MA in Human Security and Peacebuilding alumna Jane Lawson recently wrote about breaking the cycle of violence with peace programs. Her piece was published by Insight on Conflict.
From her piece:
Peace programmes play an essential and positive role in conflict torn regions, working at the lowest level of society to create an economically viable and secure society, however these programmes are consistently underfunded and underutilised. With sustainability quickly becoming the buzzword for many funders, is it time to readdress the imbalance in funding for these programmes and give them a chance to work?
I can still feel the heat of the Ghanaian sun on my face as I said goodbye to the Liberian refugees I had been working with in the Buduburam refugee settlement. The tears that fell were not entirely full of sadness, but hope and resolve. I would pursue the knowledge needed to help bring peace to individuals and communities who have suffered violent conflict. I would learn how to rehabilitate those who had lost their sense of security and structure from violence. In Buduburam, I had seen the importance of dialogue in the peacebuilding process; how to bring elders, religious and tribal leaders together after years of division. I saw how a small peace programme could provide invaluable information to, and support for, national refugee agencies, Truth and Reconciliation Commissions and UN bodies. However, I also realised I had just scratched the surface of peacebuilding. How far do these peace programmes reach? If these programmes were supported on a large scale, what would be the impact? Would people continue to use these skills after they repatriated or were resettled? After five years of study and research, I am able to answer some of my questions. We must keep hope that the international development community learns the value of supporting peace programmes in order to help individuals, communities and nations break the cycles of violence.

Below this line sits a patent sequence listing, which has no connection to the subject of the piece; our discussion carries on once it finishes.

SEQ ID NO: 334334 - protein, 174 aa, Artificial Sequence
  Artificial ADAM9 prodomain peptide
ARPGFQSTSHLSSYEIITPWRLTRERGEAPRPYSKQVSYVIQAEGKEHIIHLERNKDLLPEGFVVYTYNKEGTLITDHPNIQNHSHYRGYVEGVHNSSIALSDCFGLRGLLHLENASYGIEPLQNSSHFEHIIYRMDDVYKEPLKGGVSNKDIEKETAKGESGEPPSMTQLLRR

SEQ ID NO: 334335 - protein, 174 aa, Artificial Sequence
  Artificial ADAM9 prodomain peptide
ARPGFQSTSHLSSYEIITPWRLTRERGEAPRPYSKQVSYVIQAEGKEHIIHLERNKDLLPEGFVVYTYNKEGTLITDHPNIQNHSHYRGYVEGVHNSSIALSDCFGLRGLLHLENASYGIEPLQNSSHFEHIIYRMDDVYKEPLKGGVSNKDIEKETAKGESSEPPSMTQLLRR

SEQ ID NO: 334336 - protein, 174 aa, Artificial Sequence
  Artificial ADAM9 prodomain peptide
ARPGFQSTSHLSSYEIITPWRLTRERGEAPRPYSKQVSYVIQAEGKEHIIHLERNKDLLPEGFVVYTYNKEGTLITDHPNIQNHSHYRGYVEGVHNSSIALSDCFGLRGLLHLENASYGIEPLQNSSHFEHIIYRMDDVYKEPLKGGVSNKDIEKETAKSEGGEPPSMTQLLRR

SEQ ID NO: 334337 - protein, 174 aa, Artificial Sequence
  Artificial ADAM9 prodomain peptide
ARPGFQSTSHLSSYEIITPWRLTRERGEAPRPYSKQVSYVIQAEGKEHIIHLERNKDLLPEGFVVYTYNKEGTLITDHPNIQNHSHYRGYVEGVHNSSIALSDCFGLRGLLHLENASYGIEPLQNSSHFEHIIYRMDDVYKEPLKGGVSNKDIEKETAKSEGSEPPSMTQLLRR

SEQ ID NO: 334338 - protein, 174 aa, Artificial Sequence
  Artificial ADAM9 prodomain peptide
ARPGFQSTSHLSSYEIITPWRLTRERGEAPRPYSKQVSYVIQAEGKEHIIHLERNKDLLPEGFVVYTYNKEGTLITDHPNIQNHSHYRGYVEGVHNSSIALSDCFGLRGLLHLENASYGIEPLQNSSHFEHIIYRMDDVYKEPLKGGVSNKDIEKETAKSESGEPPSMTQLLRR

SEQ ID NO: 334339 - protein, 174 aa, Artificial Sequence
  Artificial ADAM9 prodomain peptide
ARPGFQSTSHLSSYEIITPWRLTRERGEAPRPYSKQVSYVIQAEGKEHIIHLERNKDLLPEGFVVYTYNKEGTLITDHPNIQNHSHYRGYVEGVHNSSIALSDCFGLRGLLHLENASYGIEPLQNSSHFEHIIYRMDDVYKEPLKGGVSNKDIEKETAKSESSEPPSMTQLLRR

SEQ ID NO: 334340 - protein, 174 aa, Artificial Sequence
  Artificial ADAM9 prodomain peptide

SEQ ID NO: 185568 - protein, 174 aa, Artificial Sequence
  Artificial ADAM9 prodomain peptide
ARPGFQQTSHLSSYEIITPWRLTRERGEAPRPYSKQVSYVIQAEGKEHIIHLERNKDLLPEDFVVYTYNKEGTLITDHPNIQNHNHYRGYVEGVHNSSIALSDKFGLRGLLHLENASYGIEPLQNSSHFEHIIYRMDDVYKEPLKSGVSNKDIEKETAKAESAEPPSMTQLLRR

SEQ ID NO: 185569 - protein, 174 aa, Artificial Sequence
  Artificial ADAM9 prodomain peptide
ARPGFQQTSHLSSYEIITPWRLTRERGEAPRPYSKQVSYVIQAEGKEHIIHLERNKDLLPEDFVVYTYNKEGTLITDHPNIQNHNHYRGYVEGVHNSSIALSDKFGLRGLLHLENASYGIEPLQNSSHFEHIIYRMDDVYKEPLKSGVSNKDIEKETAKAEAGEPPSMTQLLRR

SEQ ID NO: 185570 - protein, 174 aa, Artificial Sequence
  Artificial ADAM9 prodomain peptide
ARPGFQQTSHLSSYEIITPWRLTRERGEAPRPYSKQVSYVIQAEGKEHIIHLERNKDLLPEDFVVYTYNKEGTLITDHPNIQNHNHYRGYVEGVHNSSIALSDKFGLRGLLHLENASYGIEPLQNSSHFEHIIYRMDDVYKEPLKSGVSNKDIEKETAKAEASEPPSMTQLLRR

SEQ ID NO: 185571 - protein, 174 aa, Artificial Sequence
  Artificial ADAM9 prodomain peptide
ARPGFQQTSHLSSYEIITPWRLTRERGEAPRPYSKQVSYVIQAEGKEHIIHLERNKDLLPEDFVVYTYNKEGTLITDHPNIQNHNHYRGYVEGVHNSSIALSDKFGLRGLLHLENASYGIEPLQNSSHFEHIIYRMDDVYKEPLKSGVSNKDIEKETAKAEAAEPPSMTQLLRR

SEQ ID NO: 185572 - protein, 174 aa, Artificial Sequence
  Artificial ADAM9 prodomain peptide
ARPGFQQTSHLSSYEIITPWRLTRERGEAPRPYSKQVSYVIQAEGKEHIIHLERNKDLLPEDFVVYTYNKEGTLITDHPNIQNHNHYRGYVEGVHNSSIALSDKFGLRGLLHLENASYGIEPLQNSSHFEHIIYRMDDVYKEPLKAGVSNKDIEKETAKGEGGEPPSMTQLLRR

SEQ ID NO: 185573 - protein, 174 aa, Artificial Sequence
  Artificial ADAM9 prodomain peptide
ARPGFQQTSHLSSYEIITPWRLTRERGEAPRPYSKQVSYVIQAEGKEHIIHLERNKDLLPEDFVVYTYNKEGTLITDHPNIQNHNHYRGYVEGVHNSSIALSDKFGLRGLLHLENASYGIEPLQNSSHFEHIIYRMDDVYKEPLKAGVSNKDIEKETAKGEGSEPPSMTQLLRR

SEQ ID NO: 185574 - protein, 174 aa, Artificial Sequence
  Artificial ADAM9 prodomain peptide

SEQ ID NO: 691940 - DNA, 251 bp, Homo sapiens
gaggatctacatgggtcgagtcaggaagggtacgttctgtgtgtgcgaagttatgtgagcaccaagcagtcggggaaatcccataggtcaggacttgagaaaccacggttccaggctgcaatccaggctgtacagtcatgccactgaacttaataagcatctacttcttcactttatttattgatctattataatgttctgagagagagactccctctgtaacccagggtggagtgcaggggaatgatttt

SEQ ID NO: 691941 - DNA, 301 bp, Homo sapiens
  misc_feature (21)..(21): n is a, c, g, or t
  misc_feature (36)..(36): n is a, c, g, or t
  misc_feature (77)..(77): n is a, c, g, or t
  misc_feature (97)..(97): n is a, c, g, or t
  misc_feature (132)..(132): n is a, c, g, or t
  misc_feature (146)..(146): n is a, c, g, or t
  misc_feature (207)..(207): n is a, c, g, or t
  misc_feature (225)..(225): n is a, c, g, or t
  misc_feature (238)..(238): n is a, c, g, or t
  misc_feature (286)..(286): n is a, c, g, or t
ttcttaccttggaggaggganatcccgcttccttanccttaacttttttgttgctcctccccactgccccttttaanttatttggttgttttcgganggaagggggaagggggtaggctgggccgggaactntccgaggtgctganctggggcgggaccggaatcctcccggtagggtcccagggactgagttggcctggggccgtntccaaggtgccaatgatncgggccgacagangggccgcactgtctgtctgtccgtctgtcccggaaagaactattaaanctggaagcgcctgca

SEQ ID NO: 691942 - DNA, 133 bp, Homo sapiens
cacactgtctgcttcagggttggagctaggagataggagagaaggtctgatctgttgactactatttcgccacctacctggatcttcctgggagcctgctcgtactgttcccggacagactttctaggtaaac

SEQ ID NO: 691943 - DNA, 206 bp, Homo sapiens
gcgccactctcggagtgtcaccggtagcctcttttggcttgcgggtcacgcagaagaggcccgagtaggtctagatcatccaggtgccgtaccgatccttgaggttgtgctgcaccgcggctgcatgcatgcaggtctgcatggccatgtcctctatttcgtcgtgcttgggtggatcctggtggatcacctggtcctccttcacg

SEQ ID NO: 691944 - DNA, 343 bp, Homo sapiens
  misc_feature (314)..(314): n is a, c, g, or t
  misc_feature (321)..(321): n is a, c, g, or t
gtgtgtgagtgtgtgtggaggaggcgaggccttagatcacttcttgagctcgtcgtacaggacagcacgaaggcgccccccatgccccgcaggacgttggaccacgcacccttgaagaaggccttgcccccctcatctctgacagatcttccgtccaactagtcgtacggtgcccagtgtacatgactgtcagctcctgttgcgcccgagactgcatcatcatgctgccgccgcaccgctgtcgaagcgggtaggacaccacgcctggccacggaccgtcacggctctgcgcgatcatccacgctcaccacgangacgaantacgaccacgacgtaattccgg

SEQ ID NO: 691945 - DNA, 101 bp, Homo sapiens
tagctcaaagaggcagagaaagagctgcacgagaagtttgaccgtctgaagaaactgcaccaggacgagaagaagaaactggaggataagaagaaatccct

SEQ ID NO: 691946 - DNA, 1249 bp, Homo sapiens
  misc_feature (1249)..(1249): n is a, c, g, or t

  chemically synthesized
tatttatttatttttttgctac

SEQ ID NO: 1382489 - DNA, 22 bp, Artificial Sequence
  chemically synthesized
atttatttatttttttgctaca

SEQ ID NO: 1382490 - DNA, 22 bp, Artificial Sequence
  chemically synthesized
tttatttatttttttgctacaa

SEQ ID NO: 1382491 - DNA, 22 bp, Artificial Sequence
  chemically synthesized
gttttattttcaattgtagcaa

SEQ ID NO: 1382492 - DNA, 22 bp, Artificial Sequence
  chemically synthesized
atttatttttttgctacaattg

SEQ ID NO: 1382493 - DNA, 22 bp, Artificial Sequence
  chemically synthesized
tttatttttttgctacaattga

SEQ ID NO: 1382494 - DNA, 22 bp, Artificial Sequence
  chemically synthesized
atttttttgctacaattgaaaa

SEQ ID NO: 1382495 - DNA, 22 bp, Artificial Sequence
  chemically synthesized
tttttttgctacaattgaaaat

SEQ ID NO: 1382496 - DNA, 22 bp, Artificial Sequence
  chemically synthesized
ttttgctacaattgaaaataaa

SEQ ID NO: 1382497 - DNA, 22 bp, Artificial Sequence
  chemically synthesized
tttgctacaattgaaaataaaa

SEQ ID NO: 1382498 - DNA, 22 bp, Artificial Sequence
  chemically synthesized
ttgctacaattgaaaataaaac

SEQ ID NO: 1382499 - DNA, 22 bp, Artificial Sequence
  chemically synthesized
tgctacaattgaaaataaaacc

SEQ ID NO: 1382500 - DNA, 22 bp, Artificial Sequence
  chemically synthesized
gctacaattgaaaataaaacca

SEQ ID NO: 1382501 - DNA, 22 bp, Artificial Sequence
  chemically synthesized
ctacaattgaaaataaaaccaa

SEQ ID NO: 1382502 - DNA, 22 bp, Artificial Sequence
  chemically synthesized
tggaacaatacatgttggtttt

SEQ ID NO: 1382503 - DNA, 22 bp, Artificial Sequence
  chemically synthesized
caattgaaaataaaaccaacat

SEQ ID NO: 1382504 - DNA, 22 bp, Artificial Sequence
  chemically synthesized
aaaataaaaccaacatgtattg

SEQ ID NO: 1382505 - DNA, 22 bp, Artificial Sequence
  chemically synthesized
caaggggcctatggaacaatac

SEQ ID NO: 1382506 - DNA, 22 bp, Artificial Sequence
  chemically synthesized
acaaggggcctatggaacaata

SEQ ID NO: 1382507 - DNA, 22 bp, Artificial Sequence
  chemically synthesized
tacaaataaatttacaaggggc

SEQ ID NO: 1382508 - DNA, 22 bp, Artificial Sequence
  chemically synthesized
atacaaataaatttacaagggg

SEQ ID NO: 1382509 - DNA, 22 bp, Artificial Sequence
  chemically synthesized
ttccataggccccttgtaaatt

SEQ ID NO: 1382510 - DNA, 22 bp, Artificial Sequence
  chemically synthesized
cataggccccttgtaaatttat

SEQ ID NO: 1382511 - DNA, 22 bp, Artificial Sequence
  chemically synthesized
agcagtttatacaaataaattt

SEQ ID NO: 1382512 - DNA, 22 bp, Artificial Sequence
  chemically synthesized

Read the full blog here.